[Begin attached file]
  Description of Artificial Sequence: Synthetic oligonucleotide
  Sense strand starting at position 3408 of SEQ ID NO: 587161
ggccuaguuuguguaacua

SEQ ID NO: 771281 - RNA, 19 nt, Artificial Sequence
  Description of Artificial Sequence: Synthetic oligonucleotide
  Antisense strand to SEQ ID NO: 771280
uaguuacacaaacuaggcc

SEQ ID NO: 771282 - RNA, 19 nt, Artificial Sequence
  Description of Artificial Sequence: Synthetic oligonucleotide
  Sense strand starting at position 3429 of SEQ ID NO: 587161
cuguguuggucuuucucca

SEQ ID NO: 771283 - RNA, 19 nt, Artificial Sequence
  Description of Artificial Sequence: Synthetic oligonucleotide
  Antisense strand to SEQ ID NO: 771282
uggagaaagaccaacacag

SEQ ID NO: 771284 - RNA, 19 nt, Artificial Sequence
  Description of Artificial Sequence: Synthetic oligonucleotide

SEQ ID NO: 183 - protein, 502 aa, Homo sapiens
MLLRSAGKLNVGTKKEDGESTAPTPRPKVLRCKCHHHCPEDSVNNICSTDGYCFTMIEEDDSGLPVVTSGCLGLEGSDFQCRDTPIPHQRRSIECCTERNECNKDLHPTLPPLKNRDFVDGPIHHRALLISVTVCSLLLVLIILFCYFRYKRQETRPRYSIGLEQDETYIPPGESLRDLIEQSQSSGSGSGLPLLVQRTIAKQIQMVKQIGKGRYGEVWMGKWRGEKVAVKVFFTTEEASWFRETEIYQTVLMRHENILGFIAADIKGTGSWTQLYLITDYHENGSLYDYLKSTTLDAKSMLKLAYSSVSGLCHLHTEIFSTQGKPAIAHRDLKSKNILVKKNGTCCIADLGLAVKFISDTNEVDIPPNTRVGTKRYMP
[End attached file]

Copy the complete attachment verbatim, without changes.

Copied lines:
  Description of Artificial Sequence: Synthetic oligonucleotide
  Sense strand starting at position 3408 of SEQ ID NO: 587161
ggccuaguuuguguaacua

SEQ ID NO: 771281 - RNA, 19 nt, Artificial Sequence
  Description of Artificial Sequence: Synthetic oligonucleotide
  Antisense strand to SEQ ID NO: 771280
uaguuacacaaacuaggcc

SEQ ID NO: 771282 - RNA, 19 nt, Artificial Sequence
  Description of Artificial Sequence: Synthetic oligonucleotide
  Sense strand starting at position 3429 of SEQ ID NO: 587161
cuguguuggucuuucucca

SEQ ID NO: 771283 - RNA, 19 nt, Artificial Sequence
  Description of Artificial Sequence: Synthetic oligonucleotide
  Antisense strand to SEQ ID NO: 771282
uggagaaagaccaacacag

SEQ ID NO: 771284 - RNA, 19 nt, Artificial Sequence
  Description of Artificial Sequence: Synthetic oligonucleotide

SEQ ID NO: 183 - protein, 502 aa, Homo sapiens
MLLRSAGKLNVGTKKEDGESTAPTPRPKVLRCKCHHHCPEDSVNNICSTDGYCFTMIEEDDSGLPVVTSGCLGLEGSDFQCRDTPIPHQRRSIECCTERNECNKDLHPTLPPLKNRDFVDGPIHHRALLISVTVCSLLLVLIILFCYFRYKRQETRPRYSIGLEQDETYIPPGESLRDLIEQSQSSGSGSGLPLLVQRTIAKQIQMVKQIGKGRYGEVWMGKWRGEKVAVKVFFTTEEASWFRETEIYQTVLMRHENILGFIAADIKGTGSWTQLYLITDYHENGSLYDYLKSTTLDAKSMLKLAYSSVSGLCHLHTEIFSTQGKPAIAHRDLKSKNILVKKNGTCCIADLGLAVKFISDTNEVDIPPNTRVGTKRYMP